The International Campaign for Tibet called today for continued sanctions against Chinese official Wang Junzheng following his appointment as the top Communist Party of China leader in the Tibet Autonomous Region.
Chinese policy and leadership
Chinese President Xi Jinping has made an unannounced visit to Tibet. Video clips shared on Chinese social media today show Xi addressing people in the city of Nyingtri, stepping out of a shop in the Barkhor area in Lhasa and giving remarks to the public while facing the “Monument to the Peaceful Liberation of Tibet” in front of the Potala Palace.
Tibetans are straining under the crushing weight of a totalitarian one-party dictatorship. The Tibetan people have no say in running their own affairs; all important decisions are made by the CCP and non-Tibetans dominate key leadership posts.
China recently held the annual “two sessions” of its national legislature, the National People’s Congress, and the political advisory body the Chinese People’s Political Consultative Conference from 4 to 11 March.
The Tibet Autonomous Region recently issued regulations encouraging Tibetans to spy on each other and on foreigners in the name of China’s national security.
In its latest bid to entrench securitization, the Chinese government has released guidelines to politically train an entire new generation of vigilant guards across China.
The Chinese government has included several Tibetan officials working in stability maintenance in restive Tibetan regions on a list of honorees in 2020, sending a clear message to Tibetans that those working within the Chinese security apparatus will be rewarded.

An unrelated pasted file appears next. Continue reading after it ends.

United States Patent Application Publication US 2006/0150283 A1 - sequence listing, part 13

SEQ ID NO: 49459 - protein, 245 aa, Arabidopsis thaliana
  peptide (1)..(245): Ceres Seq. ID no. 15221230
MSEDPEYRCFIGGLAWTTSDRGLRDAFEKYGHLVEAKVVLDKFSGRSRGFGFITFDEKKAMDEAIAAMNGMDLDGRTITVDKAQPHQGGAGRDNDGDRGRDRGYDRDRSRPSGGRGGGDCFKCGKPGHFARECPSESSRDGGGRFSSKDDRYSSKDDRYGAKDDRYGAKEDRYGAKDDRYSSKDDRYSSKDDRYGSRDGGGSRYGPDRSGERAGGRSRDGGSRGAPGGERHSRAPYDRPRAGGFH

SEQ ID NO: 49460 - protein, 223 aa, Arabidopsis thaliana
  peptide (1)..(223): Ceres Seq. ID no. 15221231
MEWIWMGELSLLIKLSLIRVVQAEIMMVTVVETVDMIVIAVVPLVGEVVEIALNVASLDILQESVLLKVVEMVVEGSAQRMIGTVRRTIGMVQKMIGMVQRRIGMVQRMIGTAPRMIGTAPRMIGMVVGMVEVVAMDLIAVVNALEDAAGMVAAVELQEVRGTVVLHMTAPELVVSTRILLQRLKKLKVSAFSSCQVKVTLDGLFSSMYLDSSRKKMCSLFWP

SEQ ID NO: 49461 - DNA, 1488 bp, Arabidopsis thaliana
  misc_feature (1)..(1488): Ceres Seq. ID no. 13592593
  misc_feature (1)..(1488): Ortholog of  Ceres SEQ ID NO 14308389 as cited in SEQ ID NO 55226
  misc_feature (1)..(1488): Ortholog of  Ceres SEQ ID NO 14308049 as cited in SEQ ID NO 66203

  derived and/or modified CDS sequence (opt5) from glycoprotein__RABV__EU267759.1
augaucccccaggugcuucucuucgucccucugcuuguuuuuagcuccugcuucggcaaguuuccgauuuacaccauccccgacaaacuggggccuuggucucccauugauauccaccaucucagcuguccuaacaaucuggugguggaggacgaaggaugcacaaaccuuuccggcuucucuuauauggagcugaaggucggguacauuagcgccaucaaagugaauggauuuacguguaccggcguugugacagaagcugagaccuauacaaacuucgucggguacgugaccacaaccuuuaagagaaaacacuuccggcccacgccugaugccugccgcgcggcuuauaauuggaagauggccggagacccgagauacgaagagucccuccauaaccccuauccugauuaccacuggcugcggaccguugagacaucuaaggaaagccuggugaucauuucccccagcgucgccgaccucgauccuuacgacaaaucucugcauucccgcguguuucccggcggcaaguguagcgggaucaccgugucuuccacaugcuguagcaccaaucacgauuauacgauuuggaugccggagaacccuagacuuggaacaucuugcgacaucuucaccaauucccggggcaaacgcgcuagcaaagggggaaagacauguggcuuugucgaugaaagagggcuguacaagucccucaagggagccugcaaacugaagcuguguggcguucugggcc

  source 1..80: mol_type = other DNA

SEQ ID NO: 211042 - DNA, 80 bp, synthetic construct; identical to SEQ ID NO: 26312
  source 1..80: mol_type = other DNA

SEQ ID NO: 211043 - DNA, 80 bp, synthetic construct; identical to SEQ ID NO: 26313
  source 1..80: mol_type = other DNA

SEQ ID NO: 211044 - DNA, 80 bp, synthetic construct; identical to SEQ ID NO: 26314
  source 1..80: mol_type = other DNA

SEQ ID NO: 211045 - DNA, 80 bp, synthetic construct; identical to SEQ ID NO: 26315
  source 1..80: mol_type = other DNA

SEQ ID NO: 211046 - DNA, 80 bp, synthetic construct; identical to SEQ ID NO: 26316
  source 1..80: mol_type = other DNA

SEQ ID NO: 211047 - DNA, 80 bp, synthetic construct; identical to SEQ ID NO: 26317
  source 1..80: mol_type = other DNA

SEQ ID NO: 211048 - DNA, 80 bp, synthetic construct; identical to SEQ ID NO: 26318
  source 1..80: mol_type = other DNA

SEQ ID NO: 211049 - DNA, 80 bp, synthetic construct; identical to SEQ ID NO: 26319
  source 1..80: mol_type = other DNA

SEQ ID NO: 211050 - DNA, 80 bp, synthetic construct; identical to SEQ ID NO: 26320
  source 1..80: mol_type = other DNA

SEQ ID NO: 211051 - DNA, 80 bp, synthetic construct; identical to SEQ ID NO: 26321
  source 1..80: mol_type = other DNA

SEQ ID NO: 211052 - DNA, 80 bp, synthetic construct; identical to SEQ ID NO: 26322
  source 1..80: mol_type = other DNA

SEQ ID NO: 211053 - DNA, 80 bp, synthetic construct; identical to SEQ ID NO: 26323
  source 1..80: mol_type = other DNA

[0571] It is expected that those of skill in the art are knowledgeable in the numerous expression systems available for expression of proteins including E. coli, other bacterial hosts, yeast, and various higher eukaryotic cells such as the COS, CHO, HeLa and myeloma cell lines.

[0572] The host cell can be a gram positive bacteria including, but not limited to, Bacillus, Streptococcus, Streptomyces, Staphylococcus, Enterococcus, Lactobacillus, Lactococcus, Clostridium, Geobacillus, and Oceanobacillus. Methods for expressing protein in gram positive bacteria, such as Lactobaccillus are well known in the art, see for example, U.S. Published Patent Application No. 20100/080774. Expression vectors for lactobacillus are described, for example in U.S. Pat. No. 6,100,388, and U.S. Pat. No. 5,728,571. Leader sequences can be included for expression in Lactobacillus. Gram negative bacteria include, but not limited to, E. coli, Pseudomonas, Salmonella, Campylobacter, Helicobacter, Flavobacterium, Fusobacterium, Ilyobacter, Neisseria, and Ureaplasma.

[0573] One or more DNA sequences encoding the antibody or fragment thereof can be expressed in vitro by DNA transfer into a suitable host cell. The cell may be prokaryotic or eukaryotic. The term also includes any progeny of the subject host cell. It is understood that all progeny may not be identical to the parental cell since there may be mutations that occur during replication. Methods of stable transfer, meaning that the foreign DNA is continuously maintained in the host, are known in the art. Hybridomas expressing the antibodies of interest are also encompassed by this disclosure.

China began its seventh national population census on 1 November, and while projected as a means to collect information needed for the government to shape its economic development plans, some changes in the forms of the census this year raise questions about whether the census will be used to further tighten control over the people.
This report looks at the 13th Five Year Plan as it relates to Tibet and how it has shaped Chinese policies toward the Tibetan people.
Close on the heels of two other senior leaders’ visit to Tibetan areas this month, China’s State Councilor and Minister of Public Security Zhao Kezhi visited Gansu and Qinghai provinces Sept. 19-21 and asked Tibetans to “study and implement the spirit of General Secretary Xi Jinping’s important speech at the Seventh Central Tibet Work Forum.”